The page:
MANILA (Reuters) - The United States and the Philippines begin formal negotiations this week to increase rotational presence of U.S. forces in the former U.S. colony, deploying aircraft, ships, supplies and troops for humanitarian and maritime security operations.
The widening military cooperation, that includes the use of local bases for temporary deployment, signals rapidly warming security relations between the allies as the Philippines looks to the United States to help counter a newly assertive China.
"We stand ready to tap every resource, to call on every alliance to do what is necessary to defend what is ours, to secure our nation and to keep our people safe," Foreign Affairs Secretary Albert del Rosatio told a news conference at the main army base in Manila.
Del Rosario said the security framework agreement would improve maritime security while the military builds up its own capability for territorial defense.
The talks coincide with a resurgence of U.S. warships, planes and personnel in the region as Washington turns its attention to China and shifts its foreign, economic and security policy towards Asia.
Friction between China and the Philippines, and other countries in the region, over disputed territories in the oil and gas rich sea has surged since last year due to several naval stand-offs and fraying diplomatic efforts to forge a regional agreement on maritime conduct.
Actual negotiations for a new agreement begin on Wednesday in Manila and both sides hope to conclude talks this year, or after four rounds of discussions, Carlos Sorreta, head of the American desk at the foreign ministry, said.
"It's not a basing agreement," Sorreta, spokesman for the four-member negotiating team, told a news conference.
The Philippines kicked out U.S. military bases in 1992 and years later allowed the return of American troops for training and joint exercises. The new deal will expand these activities.
The allies have been in talks since 2011, even before President Barack Obama announced his administration's "pivot to Asia" policy as Washington withdraws from Iraq and Afghanistan.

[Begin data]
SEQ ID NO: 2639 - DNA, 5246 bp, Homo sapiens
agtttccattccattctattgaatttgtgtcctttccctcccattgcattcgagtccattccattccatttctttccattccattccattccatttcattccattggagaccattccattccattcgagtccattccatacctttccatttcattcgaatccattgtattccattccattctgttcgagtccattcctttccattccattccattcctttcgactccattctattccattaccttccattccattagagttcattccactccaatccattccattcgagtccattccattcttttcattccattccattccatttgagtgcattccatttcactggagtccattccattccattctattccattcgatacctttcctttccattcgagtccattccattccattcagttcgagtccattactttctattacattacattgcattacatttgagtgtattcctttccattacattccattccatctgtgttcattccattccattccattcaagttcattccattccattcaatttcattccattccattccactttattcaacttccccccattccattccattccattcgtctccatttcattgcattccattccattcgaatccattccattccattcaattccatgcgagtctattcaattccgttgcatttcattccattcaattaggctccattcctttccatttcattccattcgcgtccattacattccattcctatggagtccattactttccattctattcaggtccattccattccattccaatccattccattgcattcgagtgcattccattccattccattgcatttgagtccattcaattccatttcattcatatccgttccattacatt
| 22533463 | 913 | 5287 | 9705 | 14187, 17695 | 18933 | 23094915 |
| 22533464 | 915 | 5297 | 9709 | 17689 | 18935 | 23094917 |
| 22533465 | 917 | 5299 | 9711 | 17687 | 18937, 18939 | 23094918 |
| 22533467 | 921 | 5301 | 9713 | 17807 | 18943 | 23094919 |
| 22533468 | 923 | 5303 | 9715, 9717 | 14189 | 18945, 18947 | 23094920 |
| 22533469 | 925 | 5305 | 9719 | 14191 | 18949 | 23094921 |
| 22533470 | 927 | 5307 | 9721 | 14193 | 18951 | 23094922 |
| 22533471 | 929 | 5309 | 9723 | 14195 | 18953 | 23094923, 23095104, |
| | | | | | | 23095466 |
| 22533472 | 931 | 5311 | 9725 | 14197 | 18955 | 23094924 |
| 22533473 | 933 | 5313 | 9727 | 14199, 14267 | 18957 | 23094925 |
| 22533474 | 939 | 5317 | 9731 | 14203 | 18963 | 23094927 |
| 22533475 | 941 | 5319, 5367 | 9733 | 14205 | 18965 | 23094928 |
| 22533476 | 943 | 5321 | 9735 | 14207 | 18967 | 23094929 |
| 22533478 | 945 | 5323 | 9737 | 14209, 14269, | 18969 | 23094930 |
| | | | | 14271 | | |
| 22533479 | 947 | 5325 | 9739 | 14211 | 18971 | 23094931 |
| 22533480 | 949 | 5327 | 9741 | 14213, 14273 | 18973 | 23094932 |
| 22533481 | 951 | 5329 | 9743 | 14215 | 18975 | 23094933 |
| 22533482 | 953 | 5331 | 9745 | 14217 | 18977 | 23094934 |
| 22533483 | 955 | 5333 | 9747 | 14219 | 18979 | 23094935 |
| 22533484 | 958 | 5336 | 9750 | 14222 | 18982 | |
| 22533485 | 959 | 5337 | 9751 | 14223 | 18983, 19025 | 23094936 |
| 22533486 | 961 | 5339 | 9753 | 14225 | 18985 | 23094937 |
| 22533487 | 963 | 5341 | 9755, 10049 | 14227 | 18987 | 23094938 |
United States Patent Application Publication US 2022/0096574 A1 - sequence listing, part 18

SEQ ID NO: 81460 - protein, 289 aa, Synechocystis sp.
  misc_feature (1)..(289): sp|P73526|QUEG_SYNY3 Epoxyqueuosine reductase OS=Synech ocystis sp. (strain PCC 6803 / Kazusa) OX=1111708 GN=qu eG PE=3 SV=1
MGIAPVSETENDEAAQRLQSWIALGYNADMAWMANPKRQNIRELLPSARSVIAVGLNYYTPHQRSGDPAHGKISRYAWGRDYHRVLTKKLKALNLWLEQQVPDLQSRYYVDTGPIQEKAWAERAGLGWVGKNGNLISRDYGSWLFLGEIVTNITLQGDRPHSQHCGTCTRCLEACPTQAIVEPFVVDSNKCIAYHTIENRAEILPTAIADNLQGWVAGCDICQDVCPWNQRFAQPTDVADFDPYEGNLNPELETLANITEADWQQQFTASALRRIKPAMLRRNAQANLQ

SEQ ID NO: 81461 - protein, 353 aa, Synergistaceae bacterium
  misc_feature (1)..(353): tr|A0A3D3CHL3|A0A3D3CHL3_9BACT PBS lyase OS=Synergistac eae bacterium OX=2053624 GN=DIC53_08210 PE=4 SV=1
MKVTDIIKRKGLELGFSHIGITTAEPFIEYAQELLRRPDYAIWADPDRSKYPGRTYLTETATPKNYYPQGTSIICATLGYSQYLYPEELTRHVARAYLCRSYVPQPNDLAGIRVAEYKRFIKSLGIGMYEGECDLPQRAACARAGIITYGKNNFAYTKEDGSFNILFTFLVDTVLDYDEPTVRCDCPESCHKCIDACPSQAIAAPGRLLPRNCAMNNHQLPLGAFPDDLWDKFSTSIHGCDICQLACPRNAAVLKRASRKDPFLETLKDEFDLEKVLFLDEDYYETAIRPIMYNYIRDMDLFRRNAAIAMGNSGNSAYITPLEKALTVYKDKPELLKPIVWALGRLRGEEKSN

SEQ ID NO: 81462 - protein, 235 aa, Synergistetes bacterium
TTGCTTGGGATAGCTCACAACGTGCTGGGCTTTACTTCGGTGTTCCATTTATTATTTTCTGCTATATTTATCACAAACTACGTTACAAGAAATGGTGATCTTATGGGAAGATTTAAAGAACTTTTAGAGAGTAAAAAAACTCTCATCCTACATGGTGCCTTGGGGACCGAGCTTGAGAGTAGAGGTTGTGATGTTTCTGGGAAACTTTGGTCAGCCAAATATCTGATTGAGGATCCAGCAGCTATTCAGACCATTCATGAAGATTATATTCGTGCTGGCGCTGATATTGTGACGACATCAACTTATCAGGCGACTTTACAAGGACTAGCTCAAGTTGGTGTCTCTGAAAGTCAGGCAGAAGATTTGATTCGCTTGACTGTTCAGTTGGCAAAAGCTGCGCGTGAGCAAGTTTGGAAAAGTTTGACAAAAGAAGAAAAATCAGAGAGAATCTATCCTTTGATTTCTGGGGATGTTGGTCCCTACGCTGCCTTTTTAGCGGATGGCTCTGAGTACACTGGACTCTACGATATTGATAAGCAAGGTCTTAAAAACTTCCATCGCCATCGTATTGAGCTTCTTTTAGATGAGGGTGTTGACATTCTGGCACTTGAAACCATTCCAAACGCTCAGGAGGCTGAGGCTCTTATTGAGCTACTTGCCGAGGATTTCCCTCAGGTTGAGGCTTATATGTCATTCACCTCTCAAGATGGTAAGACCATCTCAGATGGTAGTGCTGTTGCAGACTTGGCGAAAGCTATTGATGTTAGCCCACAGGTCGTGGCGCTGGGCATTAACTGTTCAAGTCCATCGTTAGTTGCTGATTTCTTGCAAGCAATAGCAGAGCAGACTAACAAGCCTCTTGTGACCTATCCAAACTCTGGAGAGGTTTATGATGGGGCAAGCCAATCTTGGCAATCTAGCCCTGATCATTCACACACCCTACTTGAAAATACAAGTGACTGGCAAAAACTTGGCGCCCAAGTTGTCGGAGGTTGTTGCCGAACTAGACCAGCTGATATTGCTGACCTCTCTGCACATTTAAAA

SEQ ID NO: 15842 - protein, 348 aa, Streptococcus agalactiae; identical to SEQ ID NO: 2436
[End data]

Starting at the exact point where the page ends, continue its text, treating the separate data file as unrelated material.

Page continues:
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"These negotiations will lead to incremental security benefits and cooperation rather than a fundamental shift in the regional military balance of power," Patrick Cronin, of the U.S-based Center for a New American Security, told Reuters. "These talks are an important symbol of a refashioned alliance."
Cronin said the upgrading of the alliance "will serve the interests of both nations and the region", adding the pre-positioned equipment would improve readiness to deal with natural disasters and other contingencies.
Left-wing activists criticized the Aquino government for allowing a de facto basing agreement with the Americans. "The Philippines will be one giant weapons depot for U.S. forces," said Renato Reyes of Bayan (Nation), an umbrella organization of anti-U.S. activist groups.
Philippine officials said the new military agreement did not need any approval from lawmakers, but the negotiating team promised to brief Congress and the press at the end of every round of talks.
Sorreta insisted the new deal would not give U.S. forces exclusive use of local facilities or a permanent presence.
"We are engaging in this exercise of negotiations not to please the United States, but in pursuit of our own interests," said Carlos Sorreta, foreign affairs assistant secretary for American affairs. "We are certainly for peace, but we are not for appeasement."
(Reporting By Manuel Mogato; Editing by Nick Macfie)
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